Regulatory round-up: India’s SEBI and UK FCA move on ESG disclosures and greenwash

Plus: NBIM backs the 'introduction of reasonable assurance' for carbon emissions reporting in Australia.

The Securities and Exchange Board of India (SEBI) has updated disclosure and management requirements for green bonds in order to align its existing framework with the updated ICMA Green Bond Principles.

The changes announced by India’s financial markets regulator on Monday include pre-issuance requirements to appoint a third-party reviewer on a comply-or-explain basis. Previously, this had only been a suggestion.

Issuers will now also have to report an indicative estimate of distribution between financing and refinancing of projects or assets, as well as details of perceived environmental and social risks posed by proposed projects, and a mitigation plan for these risks.

Issuers of transition bonds are required to disclose alignment between the objectives of an issuance and India’s national climate targets.

After issuance, the requirements have been updated to include reporting on the deployment of the mitigation plan for perceived risks, as well as mandatory impact reporting.

An additional section on issuer responsibilities has also been added, requiring borrowers to ensure that all projects and assets funded by proceeds of green bonds meet the bonds’ documented objectives. They must also comply with a circular issued last week setting out a list of “dos and don’ts” to avoid greenwashing.

The new guidelines come in to force on 1 April.

FCA to target laggards

Meanwhile, the UK’s Financial Conduct Authority (FCA) has warned that it will focus on asset managers with poor reputations on greenwashing for enforcement action in 2023.

In a letter dated 3 February, the regulator said it will examine firm-level governance structures to ensure that they deliver on ESG claims made to investors. “We will particularly focus our supervisory activities on outlier firms that have been identified in previous supervisory activities or other ongoing surveillance,” the FCA added.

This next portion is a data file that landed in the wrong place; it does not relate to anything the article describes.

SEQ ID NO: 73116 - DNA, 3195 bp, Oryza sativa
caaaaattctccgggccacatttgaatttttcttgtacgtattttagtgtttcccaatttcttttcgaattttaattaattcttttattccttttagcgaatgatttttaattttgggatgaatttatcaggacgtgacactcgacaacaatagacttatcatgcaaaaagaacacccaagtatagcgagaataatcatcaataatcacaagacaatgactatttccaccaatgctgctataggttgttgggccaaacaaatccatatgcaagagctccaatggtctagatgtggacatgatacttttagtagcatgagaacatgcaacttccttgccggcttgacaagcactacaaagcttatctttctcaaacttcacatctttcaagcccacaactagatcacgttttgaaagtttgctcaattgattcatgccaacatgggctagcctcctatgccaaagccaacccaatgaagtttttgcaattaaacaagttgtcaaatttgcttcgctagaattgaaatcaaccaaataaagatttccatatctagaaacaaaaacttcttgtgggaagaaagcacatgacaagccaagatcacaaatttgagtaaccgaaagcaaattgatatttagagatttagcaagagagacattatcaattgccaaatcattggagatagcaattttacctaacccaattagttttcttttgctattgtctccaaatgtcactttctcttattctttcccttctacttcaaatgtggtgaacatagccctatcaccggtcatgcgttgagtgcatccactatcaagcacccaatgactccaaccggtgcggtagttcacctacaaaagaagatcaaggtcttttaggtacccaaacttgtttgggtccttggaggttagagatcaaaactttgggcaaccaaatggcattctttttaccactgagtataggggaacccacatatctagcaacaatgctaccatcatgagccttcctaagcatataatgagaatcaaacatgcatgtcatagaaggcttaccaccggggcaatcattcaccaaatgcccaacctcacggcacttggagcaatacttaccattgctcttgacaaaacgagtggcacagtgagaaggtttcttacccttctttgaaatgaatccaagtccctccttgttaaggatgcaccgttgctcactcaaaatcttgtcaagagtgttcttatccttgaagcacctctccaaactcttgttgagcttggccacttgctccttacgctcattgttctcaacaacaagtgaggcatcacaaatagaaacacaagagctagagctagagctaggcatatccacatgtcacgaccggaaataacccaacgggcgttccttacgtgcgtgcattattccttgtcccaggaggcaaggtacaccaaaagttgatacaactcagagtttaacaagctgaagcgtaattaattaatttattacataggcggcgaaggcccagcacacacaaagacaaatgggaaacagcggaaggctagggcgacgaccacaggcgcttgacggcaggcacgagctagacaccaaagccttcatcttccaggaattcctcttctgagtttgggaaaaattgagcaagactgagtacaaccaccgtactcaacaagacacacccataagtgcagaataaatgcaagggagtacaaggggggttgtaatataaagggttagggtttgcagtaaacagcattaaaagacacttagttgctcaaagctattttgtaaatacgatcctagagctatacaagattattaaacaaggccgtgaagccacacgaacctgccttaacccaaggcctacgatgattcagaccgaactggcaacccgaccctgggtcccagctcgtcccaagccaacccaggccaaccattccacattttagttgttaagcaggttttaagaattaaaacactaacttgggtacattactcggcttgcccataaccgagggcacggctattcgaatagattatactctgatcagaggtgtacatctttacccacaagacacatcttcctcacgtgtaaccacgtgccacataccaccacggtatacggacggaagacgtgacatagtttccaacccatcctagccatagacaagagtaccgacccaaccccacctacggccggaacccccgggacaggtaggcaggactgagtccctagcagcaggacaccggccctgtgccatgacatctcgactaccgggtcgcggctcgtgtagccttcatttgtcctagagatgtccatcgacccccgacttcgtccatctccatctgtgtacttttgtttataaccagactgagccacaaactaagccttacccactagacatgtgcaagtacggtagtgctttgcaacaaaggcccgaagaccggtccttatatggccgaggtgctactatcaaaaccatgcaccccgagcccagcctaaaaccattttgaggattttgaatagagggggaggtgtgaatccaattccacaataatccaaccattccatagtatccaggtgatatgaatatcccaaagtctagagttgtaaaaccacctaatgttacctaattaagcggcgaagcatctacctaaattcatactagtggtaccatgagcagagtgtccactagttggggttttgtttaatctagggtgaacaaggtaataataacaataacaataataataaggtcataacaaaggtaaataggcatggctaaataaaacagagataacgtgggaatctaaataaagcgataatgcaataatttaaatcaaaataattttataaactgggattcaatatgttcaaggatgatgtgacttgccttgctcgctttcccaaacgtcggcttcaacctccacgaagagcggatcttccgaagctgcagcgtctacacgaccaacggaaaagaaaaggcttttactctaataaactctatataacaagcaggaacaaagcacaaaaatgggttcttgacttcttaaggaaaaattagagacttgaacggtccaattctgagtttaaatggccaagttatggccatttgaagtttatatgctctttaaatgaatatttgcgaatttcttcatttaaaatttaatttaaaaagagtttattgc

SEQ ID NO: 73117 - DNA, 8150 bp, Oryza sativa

No UK fund managers have so far been named by the FCA for greenwashing-related offences, although the regulator has quietly pushed a number of managers to alter ESG-related fund disclosures. However, major financial institutions such as Goldman Sachs and BNY Mellon were fined in 2022 for greenwashing in the US, while DWS has faced a high-profile German regulatory probe on the topic. DWS denies all the allegations.

The FCA said it would follow up on a 2021 market study of asset managers, which examined the degree to which managers delivered value to retail and institutional clients, to look at “how firms have built maturity of ESG in value assessment considerations”.

The updates were set out in the FCA’s annual “Dear CEO” letter, which is sent to the senior leadership of regulated asset managers. It follows a similar warning in the FCA’s equivalent letter to hedge fund bosses in Q3 2022.

NBIM backs ESG assurance

Separately, Norges Bank Investment Management (NBIM) has called on the Australian government to require at least limited assurance for climate-related financial disclosures by companies.

In response to a government consultation on introducing standards for companies, NBIM said that in order to ensure the reliability of reported information, limited assurance could be required for the disclosures as a whole, with reasonable assurance for Scope 1 and 2 emissions.

Providers of assurance should themselves be subject to “independence and quality management standards set by the relevant international standard setters”, the response continued.

NBIM said it supported the government basing its standards on the ISSB framework to ensure international comparability. On timing, it said a phased implementation approach could be considered, with Scope 1 and 2 emissions required immediately but Scope 3 and assurance requirements phased in.

The response also supported expanding the requirements to listed and unlisted entities over time in order to create a level playing field and allow for accurate reporting of Scope 3 emissions, as well as “strongly supporting” disclosure of transition planning and offsets.

Finally, NBIM said that a “targeted and proportionate” safe harbour regime might be necessary for Scope 3 or net-zero target disclosure, to avoid disincentivising companies from disclosing due to legal liability concerns.

In contrast, a recent legal opinion commissioned by ESG investors has suggested that introducing legal protections for directors in relation to forward-looking climate-related disclosure requirements would undermine incentives to meet them.